“Every now and then I can wear blue,” joked Celina Caesar-Chavannes, Liberal MP for Whitby.
Wearing a UOIT Ridgebacks track jacket, Caesar-Chavannes was on campus Oct. 12 along with Durham MPP Granville Anderson to announce $13 million in federal and provincial government investments into construction of a brand new, state-of-the-art building on campus.
In total $33.5 million has been put up to support the construction of the Software and Informatics Research Centre (SIRC), which will act as a hub for research in health and business analytics, IT security, networking, gaming and software engineering.
“What don’t you guys do here?” said Caesar-Chavannes, referring to the broad offerings at UOIT.
Of the $33.5 million, $11.8 million comes from the government of Canada, $1.2 million from the provincial government, and the remaining $20.5 million from UOIT itself via capital reserves, donor, alumni and supporters in the business community.
“Our goal is to make every Canadian innovation ready,” Caesar-Chavannes said of the importance of a facility like SIRC. “Ready to spot opportunities, to imagine possibilities and to discover new ideas as well as positioning Canada as a global leader in research excellence and innovation.”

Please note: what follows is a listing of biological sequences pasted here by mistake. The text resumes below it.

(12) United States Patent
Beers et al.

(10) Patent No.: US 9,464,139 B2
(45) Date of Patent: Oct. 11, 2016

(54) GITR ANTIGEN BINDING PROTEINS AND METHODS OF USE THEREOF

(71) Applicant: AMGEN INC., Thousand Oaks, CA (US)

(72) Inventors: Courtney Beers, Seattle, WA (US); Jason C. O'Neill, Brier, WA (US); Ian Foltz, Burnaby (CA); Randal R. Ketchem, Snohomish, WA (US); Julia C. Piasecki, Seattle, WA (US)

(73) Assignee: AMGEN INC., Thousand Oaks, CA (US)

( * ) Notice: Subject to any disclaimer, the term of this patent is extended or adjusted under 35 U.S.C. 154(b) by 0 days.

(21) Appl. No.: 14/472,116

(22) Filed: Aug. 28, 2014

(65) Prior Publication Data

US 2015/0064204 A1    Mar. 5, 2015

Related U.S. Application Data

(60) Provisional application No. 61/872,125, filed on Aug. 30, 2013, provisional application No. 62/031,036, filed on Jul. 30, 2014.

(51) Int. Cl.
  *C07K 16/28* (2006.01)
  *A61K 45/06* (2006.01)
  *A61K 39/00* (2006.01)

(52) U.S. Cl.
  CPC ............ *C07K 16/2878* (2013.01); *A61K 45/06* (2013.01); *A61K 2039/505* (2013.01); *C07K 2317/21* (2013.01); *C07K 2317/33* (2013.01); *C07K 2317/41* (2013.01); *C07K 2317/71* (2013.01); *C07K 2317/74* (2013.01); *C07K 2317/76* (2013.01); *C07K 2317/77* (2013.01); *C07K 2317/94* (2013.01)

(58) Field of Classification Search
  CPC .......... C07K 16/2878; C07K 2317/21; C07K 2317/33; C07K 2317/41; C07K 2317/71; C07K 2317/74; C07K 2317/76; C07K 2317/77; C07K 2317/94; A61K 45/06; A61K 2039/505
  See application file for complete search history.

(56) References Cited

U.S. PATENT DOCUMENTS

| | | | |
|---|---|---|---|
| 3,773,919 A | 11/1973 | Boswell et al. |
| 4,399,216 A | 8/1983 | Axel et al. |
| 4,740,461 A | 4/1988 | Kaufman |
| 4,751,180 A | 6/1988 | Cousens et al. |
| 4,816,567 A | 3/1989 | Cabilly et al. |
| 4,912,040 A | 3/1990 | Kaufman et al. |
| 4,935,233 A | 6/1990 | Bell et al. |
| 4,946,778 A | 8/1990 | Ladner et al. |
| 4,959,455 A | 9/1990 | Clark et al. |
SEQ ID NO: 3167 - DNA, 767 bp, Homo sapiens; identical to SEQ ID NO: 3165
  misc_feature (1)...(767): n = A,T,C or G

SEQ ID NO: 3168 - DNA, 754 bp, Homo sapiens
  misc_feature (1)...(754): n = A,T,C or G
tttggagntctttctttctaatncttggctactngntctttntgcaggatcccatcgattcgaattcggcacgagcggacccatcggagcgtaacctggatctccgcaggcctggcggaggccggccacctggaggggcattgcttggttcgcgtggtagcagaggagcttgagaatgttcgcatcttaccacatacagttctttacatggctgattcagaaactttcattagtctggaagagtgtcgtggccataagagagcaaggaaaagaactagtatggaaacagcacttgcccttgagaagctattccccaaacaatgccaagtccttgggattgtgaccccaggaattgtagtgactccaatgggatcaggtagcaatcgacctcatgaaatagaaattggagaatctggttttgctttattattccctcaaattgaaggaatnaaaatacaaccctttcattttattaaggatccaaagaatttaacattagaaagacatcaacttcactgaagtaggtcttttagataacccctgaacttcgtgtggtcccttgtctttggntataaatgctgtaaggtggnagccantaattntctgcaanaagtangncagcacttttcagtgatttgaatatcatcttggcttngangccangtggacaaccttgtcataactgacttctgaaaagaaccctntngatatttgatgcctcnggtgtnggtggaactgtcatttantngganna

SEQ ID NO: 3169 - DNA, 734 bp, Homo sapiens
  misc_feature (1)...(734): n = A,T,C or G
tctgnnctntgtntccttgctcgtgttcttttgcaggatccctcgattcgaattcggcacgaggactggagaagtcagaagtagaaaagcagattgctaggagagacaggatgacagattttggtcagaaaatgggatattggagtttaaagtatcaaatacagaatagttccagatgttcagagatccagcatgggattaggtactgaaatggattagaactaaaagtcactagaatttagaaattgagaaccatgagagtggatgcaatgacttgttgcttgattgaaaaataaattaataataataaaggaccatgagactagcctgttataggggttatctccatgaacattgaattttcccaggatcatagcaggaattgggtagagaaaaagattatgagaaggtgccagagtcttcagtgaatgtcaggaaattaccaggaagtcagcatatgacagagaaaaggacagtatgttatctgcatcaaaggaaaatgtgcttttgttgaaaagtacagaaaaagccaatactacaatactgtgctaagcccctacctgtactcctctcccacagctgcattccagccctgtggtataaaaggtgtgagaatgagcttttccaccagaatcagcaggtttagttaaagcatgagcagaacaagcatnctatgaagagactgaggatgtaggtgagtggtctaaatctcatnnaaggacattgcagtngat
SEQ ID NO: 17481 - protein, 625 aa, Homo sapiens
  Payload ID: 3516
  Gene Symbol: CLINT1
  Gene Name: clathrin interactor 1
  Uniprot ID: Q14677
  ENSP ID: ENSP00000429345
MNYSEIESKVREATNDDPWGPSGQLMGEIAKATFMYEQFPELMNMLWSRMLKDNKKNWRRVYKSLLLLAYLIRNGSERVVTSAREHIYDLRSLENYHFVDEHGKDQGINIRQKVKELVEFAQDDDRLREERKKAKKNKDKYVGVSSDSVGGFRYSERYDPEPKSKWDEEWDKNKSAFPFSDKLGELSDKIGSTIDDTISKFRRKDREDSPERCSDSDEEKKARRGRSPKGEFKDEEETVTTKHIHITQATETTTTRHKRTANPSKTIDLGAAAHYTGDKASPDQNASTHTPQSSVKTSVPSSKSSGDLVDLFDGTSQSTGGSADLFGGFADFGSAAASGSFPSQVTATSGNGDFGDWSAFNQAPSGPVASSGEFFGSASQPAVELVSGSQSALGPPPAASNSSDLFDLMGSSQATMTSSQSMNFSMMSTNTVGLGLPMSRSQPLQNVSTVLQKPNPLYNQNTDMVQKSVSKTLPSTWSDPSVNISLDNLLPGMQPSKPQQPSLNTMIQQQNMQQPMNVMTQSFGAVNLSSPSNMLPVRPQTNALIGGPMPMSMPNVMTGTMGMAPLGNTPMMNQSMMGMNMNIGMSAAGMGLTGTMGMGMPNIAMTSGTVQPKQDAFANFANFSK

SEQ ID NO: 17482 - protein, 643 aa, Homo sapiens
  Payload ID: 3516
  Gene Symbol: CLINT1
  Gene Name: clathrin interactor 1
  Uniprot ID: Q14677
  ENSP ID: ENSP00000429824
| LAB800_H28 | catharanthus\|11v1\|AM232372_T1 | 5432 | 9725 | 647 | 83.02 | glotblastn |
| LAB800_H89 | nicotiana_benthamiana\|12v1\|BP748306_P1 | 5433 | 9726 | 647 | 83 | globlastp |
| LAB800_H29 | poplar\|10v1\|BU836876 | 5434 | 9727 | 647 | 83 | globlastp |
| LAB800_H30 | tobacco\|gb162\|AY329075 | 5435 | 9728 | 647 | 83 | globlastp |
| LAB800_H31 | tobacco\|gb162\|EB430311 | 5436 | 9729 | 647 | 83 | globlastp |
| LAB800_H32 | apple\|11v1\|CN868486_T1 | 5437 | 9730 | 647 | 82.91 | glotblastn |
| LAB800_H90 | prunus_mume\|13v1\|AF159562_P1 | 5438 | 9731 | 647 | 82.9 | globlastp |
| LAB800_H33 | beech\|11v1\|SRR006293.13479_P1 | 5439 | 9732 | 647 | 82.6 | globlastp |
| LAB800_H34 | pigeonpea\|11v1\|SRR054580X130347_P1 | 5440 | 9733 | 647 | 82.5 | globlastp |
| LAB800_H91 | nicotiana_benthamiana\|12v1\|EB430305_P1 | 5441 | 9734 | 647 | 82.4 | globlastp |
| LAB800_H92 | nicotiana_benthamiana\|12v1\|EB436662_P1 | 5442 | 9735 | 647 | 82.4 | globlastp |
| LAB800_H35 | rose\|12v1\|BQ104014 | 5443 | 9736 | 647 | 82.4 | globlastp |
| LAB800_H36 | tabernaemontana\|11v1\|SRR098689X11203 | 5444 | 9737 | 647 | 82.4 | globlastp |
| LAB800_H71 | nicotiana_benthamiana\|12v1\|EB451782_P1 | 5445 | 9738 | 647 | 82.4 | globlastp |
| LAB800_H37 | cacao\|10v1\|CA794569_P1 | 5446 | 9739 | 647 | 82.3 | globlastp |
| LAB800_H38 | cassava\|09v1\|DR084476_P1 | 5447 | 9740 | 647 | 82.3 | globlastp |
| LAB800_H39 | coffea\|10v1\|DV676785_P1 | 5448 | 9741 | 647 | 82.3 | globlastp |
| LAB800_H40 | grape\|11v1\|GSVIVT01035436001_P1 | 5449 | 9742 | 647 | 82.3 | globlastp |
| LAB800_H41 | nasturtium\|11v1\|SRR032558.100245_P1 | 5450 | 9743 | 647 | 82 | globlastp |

Josh Harrington is an undergraduate student at UOIT who will take advantage of the research space at SIRC when available.
He is at the start of his fourth year at the university, and as the university expands and evolves, he has had the chance to travel to conferences in Alaska, as well as Portugal for an internship as a software engineer.
“The university continues to grow and attract some of the brightest minds, both students and faculty,” says Harrington. “Here you’re not a number, you’re not a value, you’re the future. The new Software and Informatics Research Centre will be a spectacular building.”
The federal funding that allows the SIRC to become a reality is being allocated through the Post-Secondary Institutions Strategic Investment Fund. This aims to modernize and enhance research facilities on campuses across Canada while also improving their environmental sustainability.
“I’ve witnessed first-hand the great work that everyone here at UOIT does,” says Caesar-Chavannes, “from faculty to staff to administrators. Durham is very fortunate to have a world-class institution like this right here in our own backyard.”
In two weeks the building should begin to take shape beside the Campus Fieldhouse (formerly the tennis centre). The first two floors are expected to open fall 2017, with the remaining two acting as “shelled space” for future expansion.